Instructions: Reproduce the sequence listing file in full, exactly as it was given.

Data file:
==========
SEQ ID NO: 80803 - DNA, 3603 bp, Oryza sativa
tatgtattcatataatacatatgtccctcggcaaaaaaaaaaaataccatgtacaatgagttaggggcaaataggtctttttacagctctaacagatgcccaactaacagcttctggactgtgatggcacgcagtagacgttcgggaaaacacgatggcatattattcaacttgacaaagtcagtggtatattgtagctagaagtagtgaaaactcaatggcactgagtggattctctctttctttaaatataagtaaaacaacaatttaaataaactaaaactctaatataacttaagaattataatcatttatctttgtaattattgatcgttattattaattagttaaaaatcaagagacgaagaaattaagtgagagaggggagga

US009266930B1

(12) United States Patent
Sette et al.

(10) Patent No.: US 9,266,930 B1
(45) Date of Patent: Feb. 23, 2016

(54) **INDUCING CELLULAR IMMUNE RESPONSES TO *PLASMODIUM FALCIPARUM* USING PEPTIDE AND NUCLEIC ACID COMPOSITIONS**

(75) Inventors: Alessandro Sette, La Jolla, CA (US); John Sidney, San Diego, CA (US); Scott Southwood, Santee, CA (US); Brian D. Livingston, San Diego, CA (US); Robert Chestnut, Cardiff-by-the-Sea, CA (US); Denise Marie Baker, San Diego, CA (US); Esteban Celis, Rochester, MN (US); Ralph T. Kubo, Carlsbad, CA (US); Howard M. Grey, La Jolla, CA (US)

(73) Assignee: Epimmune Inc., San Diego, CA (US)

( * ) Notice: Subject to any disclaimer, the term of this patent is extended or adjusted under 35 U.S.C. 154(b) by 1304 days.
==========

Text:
SEQ ID NO: 80803 - DNA, 3603 bp, Oryza sativa
tatgtattcatataatacatatgtccctcggcaaaaaaaaaaaataccatgtacaatgagttaggggcaaataggtctttttacagctctaacagatgcccaactaacagcttctggactgtgatggcacgcagtagacgttcgggaaaacacgatggcatattattcaacttgacaaagtcagtggtatattgtagctagaagtagtgaaaactcaatggcactgagtggattctctctttctttaaatataagtaaaacaacaatttaaataaactaaaactctaatataacttaagaattataatcatttatctttgtaattattgatcgttattattaattagttaaaaatcaagagacgaagaaattaagtgagagaggggagga

US009266930B1

(12) United States Patent
Sette et al.

(10) Patent No.: US 9,266,930 B1
(45) Date of Patent: Feb. 23, 2016

(54) **INDUCING CELLULAR IMMUNE RESPONSES TO *PLASMODIUM FALCIPARUM* USING PEPTIDE AND NUCLEIC ACID COMPOSITIONS**

(75) Inventors: Alessandro Sette, La Jolla, CA (US); John Sidney, San Diego, CA (US); Scott Southwood, Santee, CA (US); Brian D. Livingston, San Diego, CA (US); Robert Chestnut, Cardiff-by-the-Sea, CA (US); Denise Marie Baker, San Diego, CA (US); Esteban Celis, Rochester, MN (US); Ralph T. Kubo, Carlsbad, CA (US); Howard M. Grey, La Jolla, CA (US)

(73) Assignee: Epimmune Inc., San Diego, CA (US)

( * ) Notice: Subject to any disclaimer, the term of this patent is extended or adjusted under 35 U.S.C. 154(b) by 1304 days.